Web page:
He did eventually have an outburst which was difficult to see because you could see how anxious it made him. Having the outburst allowed him to release the anger and frustration he felt about moving and leaving the family he had been staying with. Once he had the outburst he became much happier and was able to start moving on.
When children in care come to stay with you, you will be aware of their past and some of the things they have experienced might be hard to hear but I find what’s important, when I’m presented with information that I might find difficult, is to remind myself that “it’s not going to happen again”; our family motto is that “nobody hurts anybody”.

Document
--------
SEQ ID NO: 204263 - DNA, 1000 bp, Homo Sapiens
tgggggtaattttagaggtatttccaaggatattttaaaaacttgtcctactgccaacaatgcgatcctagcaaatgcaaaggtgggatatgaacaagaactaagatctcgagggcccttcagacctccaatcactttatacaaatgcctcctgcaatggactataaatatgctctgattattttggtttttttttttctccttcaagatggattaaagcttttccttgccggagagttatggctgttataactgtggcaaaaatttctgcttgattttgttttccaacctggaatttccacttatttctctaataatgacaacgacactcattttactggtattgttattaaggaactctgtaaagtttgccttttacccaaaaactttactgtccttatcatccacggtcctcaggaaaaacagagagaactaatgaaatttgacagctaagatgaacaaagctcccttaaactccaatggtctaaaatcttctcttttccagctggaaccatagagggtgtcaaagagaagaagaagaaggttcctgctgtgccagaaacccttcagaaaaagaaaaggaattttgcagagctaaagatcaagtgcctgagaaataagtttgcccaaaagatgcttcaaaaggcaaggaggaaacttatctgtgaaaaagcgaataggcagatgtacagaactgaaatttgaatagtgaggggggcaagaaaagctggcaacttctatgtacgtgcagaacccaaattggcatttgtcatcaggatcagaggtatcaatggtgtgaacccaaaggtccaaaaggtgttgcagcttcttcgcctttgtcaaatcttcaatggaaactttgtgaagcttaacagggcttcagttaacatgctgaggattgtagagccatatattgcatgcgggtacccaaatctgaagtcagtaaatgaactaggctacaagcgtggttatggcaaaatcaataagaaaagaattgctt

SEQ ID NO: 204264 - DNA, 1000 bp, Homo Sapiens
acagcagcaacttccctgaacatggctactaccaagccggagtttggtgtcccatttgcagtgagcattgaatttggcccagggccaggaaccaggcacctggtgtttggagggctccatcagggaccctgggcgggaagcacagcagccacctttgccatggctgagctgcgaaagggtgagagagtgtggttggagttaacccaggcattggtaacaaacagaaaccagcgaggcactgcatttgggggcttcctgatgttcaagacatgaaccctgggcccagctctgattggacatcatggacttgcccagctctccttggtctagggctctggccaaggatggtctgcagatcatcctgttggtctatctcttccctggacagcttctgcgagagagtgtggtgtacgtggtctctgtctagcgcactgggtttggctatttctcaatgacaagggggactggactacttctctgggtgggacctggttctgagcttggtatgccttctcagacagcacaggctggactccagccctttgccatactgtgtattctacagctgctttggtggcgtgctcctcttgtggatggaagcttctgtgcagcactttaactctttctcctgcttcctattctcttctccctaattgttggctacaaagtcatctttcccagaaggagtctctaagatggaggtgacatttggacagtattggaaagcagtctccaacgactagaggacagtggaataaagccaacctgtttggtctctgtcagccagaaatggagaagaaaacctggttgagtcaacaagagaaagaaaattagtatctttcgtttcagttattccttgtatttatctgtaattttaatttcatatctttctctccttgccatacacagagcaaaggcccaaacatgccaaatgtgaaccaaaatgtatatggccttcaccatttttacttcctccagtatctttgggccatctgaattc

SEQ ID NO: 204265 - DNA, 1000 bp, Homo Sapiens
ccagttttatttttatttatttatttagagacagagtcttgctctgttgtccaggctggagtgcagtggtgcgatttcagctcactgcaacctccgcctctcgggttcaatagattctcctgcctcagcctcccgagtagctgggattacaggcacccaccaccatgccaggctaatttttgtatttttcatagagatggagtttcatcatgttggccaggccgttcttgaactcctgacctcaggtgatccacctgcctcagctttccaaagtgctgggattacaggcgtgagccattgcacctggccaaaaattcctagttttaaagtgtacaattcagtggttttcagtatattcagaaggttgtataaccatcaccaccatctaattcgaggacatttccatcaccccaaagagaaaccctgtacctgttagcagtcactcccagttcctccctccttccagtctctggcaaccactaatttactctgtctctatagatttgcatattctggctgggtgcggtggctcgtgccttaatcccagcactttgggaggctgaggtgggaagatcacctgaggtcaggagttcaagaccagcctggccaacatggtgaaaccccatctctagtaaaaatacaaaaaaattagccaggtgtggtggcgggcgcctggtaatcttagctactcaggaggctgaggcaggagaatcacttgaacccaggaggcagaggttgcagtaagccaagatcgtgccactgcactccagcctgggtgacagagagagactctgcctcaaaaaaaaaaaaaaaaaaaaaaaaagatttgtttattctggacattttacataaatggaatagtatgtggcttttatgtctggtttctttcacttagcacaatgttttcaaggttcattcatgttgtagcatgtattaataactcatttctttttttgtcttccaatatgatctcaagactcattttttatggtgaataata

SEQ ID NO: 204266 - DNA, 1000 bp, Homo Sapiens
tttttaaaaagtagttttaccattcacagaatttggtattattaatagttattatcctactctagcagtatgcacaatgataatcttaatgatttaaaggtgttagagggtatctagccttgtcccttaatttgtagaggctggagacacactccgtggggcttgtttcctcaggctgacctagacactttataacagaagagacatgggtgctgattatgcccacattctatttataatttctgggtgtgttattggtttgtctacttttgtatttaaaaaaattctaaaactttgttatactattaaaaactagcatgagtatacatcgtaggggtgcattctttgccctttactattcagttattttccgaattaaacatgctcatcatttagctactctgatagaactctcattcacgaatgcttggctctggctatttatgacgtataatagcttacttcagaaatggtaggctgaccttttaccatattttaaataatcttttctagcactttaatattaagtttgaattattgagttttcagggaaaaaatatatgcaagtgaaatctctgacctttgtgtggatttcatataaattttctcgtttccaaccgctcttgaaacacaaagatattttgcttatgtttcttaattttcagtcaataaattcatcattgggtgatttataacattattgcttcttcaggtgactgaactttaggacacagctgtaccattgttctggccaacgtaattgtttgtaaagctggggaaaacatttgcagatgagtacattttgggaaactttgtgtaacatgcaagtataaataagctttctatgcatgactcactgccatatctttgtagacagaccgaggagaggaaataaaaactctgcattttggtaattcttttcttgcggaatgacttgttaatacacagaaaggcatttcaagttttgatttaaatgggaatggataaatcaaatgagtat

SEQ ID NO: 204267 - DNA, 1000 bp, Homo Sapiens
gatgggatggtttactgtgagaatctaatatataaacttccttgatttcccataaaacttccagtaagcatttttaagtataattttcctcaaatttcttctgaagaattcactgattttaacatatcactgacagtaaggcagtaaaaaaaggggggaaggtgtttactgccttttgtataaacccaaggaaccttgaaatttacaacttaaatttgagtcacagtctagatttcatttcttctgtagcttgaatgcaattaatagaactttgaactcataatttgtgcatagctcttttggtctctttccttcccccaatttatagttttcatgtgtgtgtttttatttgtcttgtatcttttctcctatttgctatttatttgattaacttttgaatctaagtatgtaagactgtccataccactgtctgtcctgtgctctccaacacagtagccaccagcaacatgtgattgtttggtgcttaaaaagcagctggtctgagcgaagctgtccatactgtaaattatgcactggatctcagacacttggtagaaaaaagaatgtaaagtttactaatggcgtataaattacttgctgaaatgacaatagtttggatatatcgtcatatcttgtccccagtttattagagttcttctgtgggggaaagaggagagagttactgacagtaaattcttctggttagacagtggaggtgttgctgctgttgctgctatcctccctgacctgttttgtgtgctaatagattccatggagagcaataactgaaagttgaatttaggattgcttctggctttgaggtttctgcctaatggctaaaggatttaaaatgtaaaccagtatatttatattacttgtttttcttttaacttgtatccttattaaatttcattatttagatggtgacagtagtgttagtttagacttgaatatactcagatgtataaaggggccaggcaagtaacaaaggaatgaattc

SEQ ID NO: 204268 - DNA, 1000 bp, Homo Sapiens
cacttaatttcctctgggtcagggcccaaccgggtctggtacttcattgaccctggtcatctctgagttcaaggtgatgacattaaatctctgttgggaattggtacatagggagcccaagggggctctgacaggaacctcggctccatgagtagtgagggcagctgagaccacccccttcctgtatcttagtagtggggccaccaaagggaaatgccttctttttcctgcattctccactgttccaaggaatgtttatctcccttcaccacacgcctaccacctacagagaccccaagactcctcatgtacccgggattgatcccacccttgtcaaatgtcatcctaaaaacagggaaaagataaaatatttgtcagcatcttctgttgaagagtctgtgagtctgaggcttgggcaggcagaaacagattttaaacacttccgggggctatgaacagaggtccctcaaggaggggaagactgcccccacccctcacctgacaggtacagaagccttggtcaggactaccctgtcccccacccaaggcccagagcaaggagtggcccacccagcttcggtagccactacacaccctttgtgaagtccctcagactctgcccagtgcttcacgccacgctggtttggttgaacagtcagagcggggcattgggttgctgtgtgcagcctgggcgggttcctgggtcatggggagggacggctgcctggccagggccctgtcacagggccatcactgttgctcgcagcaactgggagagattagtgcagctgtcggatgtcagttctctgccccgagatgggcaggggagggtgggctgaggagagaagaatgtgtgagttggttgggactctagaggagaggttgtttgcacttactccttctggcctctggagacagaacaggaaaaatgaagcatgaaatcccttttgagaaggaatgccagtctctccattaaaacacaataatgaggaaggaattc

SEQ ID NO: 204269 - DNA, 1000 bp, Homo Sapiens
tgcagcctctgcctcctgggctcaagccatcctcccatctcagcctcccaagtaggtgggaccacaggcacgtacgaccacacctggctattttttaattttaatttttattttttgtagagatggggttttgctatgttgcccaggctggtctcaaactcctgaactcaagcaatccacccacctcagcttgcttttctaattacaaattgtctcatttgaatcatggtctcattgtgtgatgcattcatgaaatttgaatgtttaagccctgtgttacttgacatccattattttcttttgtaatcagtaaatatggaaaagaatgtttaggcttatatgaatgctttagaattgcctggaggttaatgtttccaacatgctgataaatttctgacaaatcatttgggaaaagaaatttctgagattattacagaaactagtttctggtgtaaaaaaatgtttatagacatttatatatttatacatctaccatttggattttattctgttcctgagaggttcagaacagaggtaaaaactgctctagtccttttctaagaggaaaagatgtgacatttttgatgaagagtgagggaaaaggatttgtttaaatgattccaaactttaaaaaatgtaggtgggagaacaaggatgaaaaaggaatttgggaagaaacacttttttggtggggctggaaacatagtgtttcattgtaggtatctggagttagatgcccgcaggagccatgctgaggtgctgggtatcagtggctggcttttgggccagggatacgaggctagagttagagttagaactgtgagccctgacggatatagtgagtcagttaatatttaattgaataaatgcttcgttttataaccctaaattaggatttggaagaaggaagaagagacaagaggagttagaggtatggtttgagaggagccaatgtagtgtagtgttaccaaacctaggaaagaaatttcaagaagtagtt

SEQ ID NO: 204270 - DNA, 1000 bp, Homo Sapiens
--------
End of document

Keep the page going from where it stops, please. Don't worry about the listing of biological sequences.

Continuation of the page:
What I think is important to the little boy we are fostering at the moment is that we are a forever family and we all stick together. Our very own favourite thing that’s ours is at that at night when he goes to bed, I’ll give him a hug and tell him that I love him and I’ll always remind him that if we’ve had a bad day today we will have a better day tomorrow and that moment is ours.
One of my favourite things about being a foster carer is seeing the child you are looking after blossom. Seeing him developing into a confident boy right in front of your eyes.
I feel there is always room in a family for someone else and knowing that you are making a difference makes me really pleased and want to continue fostering.
My tip for anyone new to fostering is, don’t take life too seriously. Pick your battles and learn to laugh a lot because if you don’t laugh about it, then you have taken it too seriously and you won’t get through the next day.
To anyone considering fostering but unsure if it’s for them, I would advise them to start with respite care and see if fostering is for them.”